The Role of Emergency Medicine Physicians

The Role of Emergency Medicine Physicians

Emergency Medicine Physicians are medical professionals who specialize in treating patients who require immediate medical attention. They often work in hospitals, emergency departments and other healthcare facilities, responding to medical emergencies, diagnosing and treating acute illnesses and injuries. Emergency medicine physicians are often the first medical professionals to examine and treat patients who are brought to hospitals with life-threatening conditions, including trauma, heart attack, stroke, and severe infections.

Examples of the Job

Emergency medicine physicians are trained to work in a fast-paced environment where they must make quick decisions to provide appropriate medical care. This inherently requires them to be prepared to handle virtually any medical emergency, giving special importance to treating patients with life-threatening conditions. Examples of situations they may handle, include:

  • Trauma cases, such as motor vehicle accidents, falls and sports injuries
  • Severe infections, such as pneumonia, sepsis, and meningitis
  • Heart attacks and other cardiovascular emergencies
  • Stroke and other neurological emergencies
  • Overdoses of drugs and alcohol

Education and Training Requirements

Emergency medicine physicians are required to complete a medical degree, followed by a residency program in Emergency Medicine. The residency program typically takes three to four years to complete and provides the physician with extensive hands-on training in emergency and critical care. They learn to diagnose, stabilize and treat a wide variety of medical conditions on a “crash team” footing.

Upon completion of the residency program, a physician may consider furthering their education with a fellowship, which provides advanced training in a focused area of emergency medicine, such as critical care medicine, emergency medical services, or disaster medicine.

Progression and Getting Started

Progression for emergency medicine physicians typically begins with working in a hospital as an attending physician, providing direct care to patients and supervising residents and other medical staff. They can change workplaces, such as to a suburban hospital, rural hospital, army field hospital, etc. If interested, individuals can advance to take on a leadership role within their department or hospital, such as Medical Director, Emergency Medicine Research Director, or Emergency Medicine Resident Director/Coordinator.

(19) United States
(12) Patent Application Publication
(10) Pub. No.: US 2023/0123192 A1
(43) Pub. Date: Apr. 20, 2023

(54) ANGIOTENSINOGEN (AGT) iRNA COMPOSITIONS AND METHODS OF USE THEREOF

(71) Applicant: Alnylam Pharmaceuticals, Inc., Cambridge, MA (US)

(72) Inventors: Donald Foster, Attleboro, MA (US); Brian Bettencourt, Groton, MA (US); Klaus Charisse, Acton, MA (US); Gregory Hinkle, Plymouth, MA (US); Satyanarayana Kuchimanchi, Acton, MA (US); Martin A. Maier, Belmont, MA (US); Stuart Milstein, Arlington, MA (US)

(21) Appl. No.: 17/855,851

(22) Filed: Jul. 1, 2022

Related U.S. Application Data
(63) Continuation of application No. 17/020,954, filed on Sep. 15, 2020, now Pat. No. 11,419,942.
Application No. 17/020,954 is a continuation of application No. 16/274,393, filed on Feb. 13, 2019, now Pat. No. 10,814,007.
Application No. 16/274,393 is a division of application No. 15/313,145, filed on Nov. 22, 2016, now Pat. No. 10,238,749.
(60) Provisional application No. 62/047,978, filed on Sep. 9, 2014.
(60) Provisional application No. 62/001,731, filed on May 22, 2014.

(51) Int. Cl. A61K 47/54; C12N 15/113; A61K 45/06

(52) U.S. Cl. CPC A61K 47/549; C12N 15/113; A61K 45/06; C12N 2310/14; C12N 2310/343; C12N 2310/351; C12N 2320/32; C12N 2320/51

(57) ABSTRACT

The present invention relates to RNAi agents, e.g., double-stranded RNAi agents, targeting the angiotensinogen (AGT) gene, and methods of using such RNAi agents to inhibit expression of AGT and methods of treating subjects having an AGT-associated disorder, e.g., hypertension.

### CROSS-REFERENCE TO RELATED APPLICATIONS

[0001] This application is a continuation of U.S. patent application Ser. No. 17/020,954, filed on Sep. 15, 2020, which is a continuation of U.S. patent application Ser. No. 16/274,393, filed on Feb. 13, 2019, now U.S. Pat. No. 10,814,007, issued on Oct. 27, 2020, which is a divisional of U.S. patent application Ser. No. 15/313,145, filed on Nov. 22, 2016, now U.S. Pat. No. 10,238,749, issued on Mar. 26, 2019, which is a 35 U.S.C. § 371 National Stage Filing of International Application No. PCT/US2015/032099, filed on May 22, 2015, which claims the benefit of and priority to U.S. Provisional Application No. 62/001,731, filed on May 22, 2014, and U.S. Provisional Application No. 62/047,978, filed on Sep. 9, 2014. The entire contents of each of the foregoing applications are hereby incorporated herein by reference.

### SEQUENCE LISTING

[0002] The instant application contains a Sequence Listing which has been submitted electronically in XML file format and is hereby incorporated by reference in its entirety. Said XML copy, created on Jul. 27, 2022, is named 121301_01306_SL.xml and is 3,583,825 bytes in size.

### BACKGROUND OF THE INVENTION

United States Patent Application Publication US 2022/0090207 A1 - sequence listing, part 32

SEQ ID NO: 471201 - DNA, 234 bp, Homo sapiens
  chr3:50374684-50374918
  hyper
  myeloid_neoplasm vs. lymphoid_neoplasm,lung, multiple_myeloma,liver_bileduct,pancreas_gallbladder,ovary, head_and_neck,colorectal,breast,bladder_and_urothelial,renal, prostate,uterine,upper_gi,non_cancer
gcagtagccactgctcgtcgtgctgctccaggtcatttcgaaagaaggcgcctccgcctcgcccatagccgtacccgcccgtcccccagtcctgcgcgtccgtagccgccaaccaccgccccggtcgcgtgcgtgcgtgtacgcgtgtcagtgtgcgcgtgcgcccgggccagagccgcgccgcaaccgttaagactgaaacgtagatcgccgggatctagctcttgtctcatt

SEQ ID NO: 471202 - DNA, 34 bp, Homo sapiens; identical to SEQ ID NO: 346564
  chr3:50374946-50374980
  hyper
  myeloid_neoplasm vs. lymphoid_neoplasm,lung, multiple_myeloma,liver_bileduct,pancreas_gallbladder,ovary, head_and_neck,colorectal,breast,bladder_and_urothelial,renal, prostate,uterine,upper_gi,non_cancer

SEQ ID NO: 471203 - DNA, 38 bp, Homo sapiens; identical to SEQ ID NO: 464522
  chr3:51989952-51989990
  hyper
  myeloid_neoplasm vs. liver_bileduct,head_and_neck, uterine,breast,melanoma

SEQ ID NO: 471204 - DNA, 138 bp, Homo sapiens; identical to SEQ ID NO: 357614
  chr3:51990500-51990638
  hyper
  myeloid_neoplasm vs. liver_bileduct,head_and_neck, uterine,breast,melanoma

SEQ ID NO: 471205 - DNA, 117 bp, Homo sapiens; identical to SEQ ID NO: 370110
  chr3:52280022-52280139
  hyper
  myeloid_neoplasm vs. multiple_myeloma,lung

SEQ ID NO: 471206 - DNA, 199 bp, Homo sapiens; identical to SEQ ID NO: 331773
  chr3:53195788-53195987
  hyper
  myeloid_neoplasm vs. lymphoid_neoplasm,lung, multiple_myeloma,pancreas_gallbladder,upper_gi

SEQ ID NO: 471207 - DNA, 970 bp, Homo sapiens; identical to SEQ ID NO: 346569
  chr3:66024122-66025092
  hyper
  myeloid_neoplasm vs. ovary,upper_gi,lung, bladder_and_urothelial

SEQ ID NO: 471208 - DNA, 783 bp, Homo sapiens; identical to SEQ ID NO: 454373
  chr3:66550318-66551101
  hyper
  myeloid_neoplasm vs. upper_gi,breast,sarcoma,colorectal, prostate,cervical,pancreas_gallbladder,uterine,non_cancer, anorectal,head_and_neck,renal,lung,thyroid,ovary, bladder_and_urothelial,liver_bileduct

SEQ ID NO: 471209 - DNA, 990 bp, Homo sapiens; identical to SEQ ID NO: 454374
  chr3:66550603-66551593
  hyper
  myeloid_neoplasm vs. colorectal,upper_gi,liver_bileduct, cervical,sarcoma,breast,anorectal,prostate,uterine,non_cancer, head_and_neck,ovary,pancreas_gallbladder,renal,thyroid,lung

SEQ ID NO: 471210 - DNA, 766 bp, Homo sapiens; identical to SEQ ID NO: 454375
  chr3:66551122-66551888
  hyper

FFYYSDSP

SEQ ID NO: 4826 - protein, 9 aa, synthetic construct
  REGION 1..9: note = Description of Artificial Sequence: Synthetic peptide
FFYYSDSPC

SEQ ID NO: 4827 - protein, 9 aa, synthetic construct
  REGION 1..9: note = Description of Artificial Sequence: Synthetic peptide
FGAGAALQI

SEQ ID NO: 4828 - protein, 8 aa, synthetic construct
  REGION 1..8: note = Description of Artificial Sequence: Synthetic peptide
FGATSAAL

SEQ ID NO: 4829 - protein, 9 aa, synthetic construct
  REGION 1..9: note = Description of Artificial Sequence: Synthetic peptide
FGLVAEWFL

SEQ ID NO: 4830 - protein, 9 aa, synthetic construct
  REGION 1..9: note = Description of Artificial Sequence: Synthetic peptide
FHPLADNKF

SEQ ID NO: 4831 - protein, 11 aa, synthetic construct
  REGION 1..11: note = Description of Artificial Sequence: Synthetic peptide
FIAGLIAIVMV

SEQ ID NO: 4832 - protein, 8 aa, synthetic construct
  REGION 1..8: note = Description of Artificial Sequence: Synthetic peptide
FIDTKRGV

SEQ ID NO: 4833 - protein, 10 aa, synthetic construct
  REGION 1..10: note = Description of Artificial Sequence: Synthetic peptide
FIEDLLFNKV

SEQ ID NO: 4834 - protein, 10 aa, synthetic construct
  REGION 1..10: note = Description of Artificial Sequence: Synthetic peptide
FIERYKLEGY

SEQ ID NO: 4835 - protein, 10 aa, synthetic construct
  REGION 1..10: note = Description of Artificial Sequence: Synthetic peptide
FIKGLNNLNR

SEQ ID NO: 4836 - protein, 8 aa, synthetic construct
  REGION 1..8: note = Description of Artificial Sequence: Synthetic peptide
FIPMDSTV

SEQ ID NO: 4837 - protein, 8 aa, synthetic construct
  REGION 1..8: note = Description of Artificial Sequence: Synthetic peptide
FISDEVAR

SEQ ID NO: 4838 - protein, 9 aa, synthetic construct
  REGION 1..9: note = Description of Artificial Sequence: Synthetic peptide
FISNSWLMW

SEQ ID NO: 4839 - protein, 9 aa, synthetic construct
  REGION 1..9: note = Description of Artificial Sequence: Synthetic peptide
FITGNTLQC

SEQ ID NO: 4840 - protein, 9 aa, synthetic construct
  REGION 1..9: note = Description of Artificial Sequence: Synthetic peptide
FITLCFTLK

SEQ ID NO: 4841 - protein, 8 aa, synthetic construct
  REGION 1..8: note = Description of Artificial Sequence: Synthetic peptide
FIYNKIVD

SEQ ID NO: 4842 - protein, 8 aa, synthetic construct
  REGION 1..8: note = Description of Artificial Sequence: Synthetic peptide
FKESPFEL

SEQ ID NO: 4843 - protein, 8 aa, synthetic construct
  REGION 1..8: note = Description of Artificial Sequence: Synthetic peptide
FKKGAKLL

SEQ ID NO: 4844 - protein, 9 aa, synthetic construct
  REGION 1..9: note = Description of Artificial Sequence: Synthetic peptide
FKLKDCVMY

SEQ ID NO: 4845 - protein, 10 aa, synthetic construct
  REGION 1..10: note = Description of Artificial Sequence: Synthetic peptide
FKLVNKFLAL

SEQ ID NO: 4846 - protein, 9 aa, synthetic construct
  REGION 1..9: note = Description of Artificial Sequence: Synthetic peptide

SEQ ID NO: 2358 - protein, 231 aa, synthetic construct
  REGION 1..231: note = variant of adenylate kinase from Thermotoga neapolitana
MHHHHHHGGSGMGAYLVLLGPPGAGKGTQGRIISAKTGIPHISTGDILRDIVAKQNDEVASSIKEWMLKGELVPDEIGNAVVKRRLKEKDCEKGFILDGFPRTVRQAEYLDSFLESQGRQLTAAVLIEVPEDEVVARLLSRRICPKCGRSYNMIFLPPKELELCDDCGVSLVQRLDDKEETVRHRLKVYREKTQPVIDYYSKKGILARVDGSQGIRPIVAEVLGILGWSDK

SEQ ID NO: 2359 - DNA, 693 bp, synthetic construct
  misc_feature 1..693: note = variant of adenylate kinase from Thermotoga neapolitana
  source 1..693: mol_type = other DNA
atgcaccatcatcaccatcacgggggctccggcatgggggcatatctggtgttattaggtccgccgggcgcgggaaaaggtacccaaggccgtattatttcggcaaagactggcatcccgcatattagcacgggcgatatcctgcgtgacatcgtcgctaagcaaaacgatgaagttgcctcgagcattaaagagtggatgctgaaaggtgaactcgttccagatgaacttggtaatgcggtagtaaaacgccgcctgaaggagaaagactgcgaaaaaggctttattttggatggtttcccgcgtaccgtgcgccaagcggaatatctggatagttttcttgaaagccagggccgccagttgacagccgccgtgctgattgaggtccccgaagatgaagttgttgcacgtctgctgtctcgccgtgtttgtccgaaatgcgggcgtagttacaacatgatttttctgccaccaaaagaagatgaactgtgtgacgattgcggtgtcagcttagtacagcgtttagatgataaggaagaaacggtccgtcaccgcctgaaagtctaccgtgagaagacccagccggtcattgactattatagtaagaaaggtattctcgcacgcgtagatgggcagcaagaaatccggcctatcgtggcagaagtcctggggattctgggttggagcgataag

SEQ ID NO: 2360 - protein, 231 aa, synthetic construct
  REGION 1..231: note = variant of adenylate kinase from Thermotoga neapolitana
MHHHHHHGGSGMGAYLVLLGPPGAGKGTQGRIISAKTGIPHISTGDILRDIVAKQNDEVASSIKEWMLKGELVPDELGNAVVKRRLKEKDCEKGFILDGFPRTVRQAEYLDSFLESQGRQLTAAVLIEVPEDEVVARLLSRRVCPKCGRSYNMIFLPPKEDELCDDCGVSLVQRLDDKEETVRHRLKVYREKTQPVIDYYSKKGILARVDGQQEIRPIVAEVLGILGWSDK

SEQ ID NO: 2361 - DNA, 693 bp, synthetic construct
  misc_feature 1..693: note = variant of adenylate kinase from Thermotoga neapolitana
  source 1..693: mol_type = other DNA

For those new to the field, the first step is to complete an undergraduate degree, focusing on prerequisite courses in science and math, and based on those, apply at medical schools. Good grades, the successful completion of the MCAT, and volunteer or hands-on experience working in a healthcare setting are all factors that can be helpful in standing out in the competitive admissions process.

Emergency medicine is a challenging, rewarding, and vital component of modern medicine, and those who decide to pursue this specialty are trained to handle the unexpected and provide life-saving treatment to patients in crisis.

Emergency medicine physicians are doctors who specialize in providing immediate medical care to patients with acute illnesses or injuries. They work in emergency rooms, urgent care centers, and other settings where rapid intervention is required.

The job level of emergency medicine physicians varies depending on their experience and qualifications. Entry-level positions may be available for recent graduates of medical school, while more senior roles may require years of experience and additional training in fields such as critical care or trauma medicine.

According to salary data, the US national average salary for emergency medicine physicians is $320,320 per year for full-time positions and $316,784 for time-based pay. This makes it one of the highest-paying medical specialties, reflecting the importance of their role in providing critical care to patients.

The effects of unionization on this job are unclear, as emergency medicine physicians may or may not be represented by a union depending on their employer and location. Unionization can provide benefits such as collective bargaining for better pay and working conditions, but it can also limit individual autonomy and flexibility in scheduling and other aspects of the job.

Geographically, the average salary for emergency medicine physicians varies across the United States. According to data from the Bureau of Labor Statistics, the top-paying states for this occupation are Vermont and Maine, with average salaries of $353,970 and $346,310 respectively. The lowest-paying state is Arkansas, with an average salary of $219,020. This data is summarized in the following table:

| State | Average Salary for Emergency Medicine Physicians |
| Vermont | $353,970 |
| Maine | $346,310 |
| Alaska | $332,750 |
| New Hampshire | $329,840 |
| Massachusetts | $326,710 |
| National Average | $320,320 |
| California | $311,750 |
| Wyoming | $305,850 |
| Oregon | $301,040 |
| Utah | $295,630 |
| Arkansas | $219,020 |

In conclusion, emergency medicine physicians are highly trained medical professionals who play a critical role in providing immediate care to patients in a variety of settings. Their salaries are among the highest in the medical field, reflecting the importance of their work. The effects of unionization on this occupation are complex and depend on a variety of factors. Geographically, the average salary for emergency medicine physicians varies significantly across the United States.